Virgin partners with start-up to provide 'affordable' supersonic jet travel

Can Boom and Richard Branson succeed where Concorde failed?

by Rebecca Smith
Concorde was retired in 2003
Concorde was retired in 2003

It's been a good week for Richard Branson. Virgin Atlantic (which is 51% owned by his Virgin Group) just announced a second year of profit, reaping the rewards of lower fuel costs and focusing on the lucrative transatlantic market. It reported an 81% rise in pre-tax profits  to £22.5m for 2015.

And Old Beardy also just revealed a development that has long been a personal goal of his. Virgin has signed a letter of intent with aerospace start-up Boom, which aims to make supersonic travel 'affordable'. Virgin apparently has options on the first 10 airframes. Boom’s proposed Mach 2.2 jet would zip from London to New York in around 3 hours and 20 minutes. Not bad.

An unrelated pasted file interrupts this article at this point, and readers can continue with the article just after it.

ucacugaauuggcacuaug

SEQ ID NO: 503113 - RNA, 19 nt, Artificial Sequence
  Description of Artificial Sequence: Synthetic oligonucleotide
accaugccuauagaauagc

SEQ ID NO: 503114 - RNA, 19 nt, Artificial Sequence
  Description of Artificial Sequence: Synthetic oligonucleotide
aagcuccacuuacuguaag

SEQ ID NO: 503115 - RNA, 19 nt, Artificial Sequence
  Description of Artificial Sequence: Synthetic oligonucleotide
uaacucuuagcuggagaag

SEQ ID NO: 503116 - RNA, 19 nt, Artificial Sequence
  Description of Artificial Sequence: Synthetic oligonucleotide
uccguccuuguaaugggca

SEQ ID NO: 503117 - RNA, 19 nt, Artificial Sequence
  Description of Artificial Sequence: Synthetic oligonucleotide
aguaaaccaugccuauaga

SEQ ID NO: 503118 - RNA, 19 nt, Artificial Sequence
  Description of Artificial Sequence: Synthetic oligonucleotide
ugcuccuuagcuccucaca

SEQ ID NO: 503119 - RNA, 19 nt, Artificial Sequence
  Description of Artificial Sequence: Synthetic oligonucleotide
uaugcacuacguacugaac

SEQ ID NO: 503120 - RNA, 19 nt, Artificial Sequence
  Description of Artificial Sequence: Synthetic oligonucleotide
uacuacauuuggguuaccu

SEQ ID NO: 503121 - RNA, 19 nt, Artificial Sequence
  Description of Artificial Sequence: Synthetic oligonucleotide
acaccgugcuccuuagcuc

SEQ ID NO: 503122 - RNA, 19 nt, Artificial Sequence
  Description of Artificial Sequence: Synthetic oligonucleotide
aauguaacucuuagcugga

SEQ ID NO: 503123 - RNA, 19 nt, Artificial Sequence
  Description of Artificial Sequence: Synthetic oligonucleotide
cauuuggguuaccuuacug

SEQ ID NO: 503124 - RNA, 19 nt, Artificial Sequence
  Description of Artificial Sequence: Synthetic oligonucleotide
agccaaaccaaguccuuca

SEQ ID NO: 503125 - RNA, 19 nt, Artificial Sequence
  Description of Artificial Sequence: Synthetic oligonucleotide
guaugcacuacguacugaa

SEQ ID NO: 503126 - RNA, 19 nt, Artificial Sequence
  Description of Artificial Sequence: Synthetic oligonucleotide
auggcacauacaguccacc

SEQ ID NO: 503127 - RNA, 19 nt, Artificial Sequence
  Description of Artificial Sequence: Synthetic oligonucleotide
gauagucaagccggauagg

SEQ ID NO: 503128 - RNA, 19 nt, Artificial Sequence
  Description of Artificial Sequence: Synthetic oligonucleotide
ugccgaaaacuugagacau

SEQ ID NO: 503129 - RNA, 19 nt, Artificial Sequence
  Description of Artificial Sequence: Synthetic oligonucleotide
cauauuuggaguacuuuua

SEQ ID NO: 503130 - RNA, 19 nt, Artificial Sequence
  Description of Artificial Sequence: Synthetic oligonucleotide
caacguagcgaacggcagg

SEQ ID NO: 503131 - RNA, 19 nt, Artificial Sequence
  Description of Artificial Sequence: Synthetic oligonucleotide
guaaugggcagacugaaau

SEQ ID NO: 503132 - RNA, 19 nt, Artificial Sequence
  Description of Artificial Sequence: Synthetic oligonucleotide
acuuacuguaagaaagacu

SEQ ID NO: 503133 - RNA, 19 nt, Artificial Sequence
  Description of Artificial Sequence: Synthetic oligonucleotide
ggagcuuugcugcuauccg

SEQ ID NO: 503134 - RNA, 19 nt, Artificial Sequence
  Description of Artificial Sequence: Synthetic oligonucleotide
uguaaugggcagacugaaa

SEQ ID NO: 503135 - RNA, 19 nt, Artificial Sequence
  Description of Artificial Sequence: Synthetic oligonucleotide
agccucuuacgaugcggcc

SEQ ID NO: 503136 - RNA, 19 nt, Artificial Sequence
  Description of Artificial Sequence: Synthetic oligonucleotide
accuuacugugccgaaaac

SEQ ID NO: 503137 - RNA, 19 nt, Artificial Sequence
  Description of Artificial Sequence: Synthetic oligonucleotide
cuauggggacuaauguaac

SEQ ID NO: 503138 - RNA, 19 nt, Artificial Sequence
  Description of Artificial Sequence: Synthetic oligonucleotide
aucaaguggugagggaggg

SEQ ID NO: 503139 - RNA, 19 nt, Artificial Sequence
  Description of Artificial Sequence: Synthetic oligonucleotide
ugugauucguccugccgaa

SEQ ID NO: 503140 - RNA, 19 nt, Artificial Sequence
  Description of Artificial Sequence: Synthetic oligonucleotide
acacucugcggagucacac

The brains behind Boom is pilot and former Amazon exec, Blake Scholl, who is building a prototype of the jet in Colorado. Scholl thinks he will beat other competitors to market as his jets don’t require new tech requiring approval by regulators. He'll now have some help from another Branson business, Spaceship Company (the holding company of space-tourism start up Virgin Galactic), which will help out with design, production and testing support. 

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